Analog Vocabulary Strategies
Give students key word choices from teh lesson using this vocabulary development tool. Students use a graphic organizer to categorize their knowledge about a word. Squares with 4 to 6 blocked spaces work well. Resource: http://www.worksheetworks.com/miscellanea/graphic-organizers/frayer.html
Students will comprehend a word better when they get to see it. This is a fun way for the students to show their creativity and how they see what a word means. Students will be assessed by them being able to recognize a word, know the meaning, and draw a picture about it. Procedure: Teacher hands out white paper. The students draw out the vocabulary word in bubble letters on the piece of paper. The students describe the word in their own words. Then the students draw pictures to represent the word. The students should fill up the their paper and leave no white spaces. Resource: Graffiti Writings. (n.d) http://www.keytoteachingsuccess.blogspot.com/2009/07/graffiti-writing.html Gaikwad, P. (2011). Advanced instructional strategies [compendium]. Silang, Philippines: Adventist Institute of Advanced Studies.
Authentic learning means putting the student at the center of the experience. But sometimes, they need a little support, especially when you are introducing new more complicated terms. Using the word wall match-up strategies, students will using problem solving and reasoning skills to match up terms with definitions, and in some cases symbolic representation. Terms are on word wall, definitions can be given in text via book or handouts. Resource: Bear, D. R., Invernizzi, M., Templeton, S., & Johnston, F. (2000). Words their way: Word study for phonics, vocabulary, and spelling. Upper Saddle River, NJ: Prentice-Hall.
Students design their own cartoon to illustrate their word. Resource: www.vocabularycartoons.com
Give students an opportunity to create a Prefix Reference Chart in their notes. A quick activity at the beginning of the school year can help students breakdown new words based on their understanding of prefixes and root words. Resource: http://learningtasks.weebly.com/vocabulary-strategies.html
K. (Key Word) I. (Information/Definition) M. (Memory Clue/Picture) Your Sentence: Resource: http://www.asdk12.org/MiddleLink/HighFive/KIM/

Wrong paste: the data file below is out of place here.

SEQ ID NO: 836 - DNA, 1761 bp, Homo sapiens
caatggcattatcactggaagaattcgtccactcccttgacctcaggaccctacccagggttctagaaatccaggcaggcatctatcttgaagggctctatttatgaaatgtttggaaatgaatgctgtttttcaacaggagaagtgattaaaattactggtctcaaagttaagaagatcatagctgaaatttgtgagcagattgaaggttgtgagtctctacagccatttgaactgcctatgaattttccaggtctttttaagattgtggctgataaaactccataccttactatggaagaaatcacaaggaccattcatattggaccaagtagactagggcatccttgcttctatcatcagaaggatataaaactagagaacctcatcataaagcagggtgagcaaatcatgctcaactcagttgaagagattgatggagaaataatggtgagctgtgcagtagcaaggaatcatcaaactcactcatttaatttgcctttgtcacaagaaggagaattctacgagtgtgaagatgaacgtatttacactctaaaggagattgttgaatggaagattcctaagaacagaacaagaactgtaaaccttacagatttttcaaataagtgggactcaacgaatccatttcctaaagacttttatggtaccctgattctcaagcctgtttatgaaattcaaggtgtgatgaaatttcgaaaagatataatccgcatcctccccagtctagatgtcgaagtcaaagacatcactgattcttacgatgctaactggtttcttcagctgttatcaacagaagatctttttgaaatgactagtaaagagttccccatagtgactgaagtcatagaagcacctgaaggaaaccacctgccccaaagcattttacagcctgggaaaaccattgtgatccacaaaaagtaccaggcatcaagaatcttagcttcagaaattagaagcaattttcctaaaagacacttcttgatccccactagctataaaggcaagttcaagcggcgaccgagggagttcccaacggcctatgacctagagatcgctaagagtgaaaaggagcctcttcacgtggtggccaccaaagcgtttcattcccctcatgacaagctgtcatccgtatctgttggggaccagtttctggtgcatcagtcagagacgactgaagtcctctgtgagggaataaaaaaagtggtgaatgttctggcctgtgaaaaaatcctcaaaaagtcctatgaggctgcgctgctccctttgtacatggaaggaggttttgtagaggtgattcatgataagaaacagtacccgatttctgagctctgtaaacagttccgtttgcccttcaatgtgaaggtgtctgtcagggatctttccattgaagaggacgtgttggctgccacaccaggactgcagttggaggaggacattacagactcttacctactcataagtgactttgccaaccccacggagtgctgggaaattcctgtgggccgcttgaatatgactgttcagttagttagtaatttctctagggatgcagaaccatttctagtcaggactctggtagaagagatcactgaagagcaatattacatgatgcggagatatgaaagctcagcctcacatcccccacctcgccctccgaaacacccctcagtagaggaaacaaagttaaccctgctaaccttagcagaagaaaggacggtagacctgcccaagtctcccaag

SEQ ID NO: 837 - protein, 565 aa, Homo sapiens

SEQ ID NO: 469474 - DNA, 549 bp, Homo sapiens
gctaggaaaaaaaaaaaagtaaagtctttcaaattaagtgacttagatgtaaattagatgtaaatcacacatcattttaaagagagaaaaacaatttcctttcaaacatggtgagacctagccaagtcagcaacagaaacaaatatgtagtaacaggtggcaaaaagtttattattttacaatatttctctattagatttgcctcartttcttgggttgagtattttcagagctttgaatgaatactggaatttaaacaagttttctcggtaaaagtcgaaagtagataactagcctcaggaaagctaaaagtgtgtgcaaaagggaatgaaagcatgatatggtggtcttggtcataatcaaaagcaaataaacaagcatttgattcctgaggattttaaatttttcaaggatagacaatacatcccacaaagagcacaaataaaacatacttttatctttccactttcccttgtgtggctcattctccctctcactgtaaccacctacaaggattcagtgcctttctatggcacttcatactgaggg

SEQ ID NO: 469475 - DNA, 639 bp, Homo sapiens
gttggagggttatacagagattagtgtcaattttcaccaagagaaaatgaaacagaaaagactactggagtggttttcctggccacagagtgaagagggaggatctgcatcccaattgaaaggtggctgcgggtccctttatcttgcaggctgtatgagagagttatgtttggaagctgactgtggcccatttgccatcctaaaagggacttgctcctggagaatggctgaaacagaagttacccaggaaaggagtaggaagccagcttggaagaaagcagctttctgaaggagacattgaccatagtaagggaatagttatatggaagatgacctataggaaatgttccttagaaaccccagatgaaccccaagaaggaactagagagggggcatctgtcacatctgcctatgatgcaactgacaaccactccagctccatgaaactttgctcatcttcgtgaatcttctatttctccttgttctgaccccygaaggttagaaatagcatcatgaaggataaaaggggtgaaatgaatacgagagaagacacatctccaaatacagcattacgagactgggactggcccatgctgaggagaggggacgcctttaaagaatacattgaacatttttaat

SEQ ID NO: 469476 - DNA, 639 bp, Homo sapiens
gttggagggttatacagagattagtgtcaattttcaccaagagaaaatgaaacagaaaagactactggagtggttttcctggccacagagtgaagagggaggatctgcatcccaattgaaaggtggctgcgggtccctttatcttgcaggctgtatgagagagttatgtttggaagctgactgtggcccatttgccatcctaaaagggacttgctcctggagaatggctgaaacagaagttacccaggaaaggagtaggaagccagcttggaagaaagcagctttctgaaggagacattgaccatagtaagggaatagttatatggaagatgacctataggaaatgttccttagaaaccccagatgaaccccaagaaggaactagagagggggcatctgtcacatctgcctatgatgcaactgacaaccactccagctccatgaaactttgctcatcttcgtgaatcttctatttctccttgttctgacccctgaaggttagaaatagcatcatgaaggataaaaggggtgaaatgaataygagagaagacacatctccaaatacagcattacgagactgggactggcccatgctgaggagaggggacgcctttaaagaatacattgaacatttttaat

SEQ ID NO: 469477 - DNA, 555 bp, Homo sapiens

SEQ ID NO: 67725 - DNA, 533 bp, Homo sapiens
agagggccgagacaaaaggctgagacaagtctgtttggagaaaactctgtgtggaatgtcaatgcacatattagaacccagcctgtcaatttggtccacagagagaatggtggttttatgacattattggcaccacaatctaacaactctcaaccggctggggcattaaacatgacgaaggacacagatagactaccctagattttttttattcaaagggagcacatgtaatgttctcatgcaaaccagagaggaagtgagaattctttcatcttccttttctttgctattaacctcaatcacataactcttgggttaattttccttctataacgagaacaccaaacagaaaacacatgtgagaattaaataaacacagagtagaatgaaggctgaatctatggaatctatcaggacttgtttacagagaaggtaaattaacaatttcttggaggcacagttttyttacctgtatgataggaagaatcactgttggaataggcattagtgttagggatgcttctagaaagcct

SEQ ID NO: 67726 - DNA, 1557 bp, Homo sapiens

In this game students form a circle. (If you have a class of about 26 you may want to make two separate circles.) The teacher selects a category and asks students to think of three words that would fit in that category. The teacher gives a ball to one person in the group and directs students to pass the ball to their right, calling out one of their words as the ball is passed to them. The teacher gives 45 seconds to each group to see how many words they can call for the given category. (Variations of this activity can be created too.) Resources: http://busyteacher.org/6824-what-you-can-do-with-a-ball-7-fun-esl-games.html and Pieces of Learning, NCAGT, March 2017
Word Banks are places where students can keep a list of words they have learned so that they can refer to them as needed. Word Banks can be kept in journals or placed on index cards to be used as flash cards. The index cards can also be placed on rings for organizational purposes. Students should be expected to use the words in their writing and their speaking. Resource: http://printables.scholastic.com/printables/detail/?id=43550&Nty=0&_N=0&Ntk=Printables_SI&query=graphic&N=283&No=0&Ntt=graphic
Prediction-Association-Verification-Evaluation (PAVE) Procedure – This procedure encourages students to 1) predict a word’s meaning within the context it appears, 2) consult a dictionary to find the correct meaning, and 3) re-evaluate their predictions. Resource: Bannon, E., Fisher, P., Pozzi, L., & Wessel, D. (1990). "Effective definitions for word learning." Journal of Reading. 1990: 34, pp.301-302.
Students are asked to generate a list of words, group them according to their similarities, then label the group. Resource: http://kms.sdcoe.net/getvocal/111/version/default/part/AttachmentData/data/lglexample.pdf
Mind maps begin with one centralized word or idea that branches out into multiple associated ideas, words or concepts. Tony Buzan, a British psychologist, invented mind mapping to better accommodate individuals who absorb information in a non-linear fashion. In brief, mind maps: have one central word or idea located at the center of the diagram and have multiple associated ideas, words and concepts branched to the main idea. Resource: http://www.inspiration.com/blog/2011/03/quick-lesson-visual-learning-maps-explained/
Each student is assigned a letter of the alphabet. Students come up with a vocabulary word that was eaither directly taught during a lesson or could be associated with the lesson in some way. Students are given five minutes to write their word and prepare to share out word and relationship to lesson in a quick round robin before, during or after the lesson or reading selection. Resource: North Carolina Teacher Academy 2008
This game like strategy starts with one word and then by changing one or two letters with guidance from the teacher students come up with new words and finally end up with a related word at the end. For example: Love Live Give Dive Dime Mime Mire More Amore Resource: http://teacherexpress.scholastic.com/word-knowledge-word-ladders-word-study-strategies#
Students get into groups of three or five and create a sentence correctly using a vocabulary word by the teacher. Each student is only allowed to contribute one word. (Kind of like the telephone game.) Students write their sentences and create as many sentences as they can based on the word list given by the teacher. this is a great pre- and post- lesson activity to see what they know before and after a lesson is taught. Resource: Pieces of Learning, NCAGT March 2017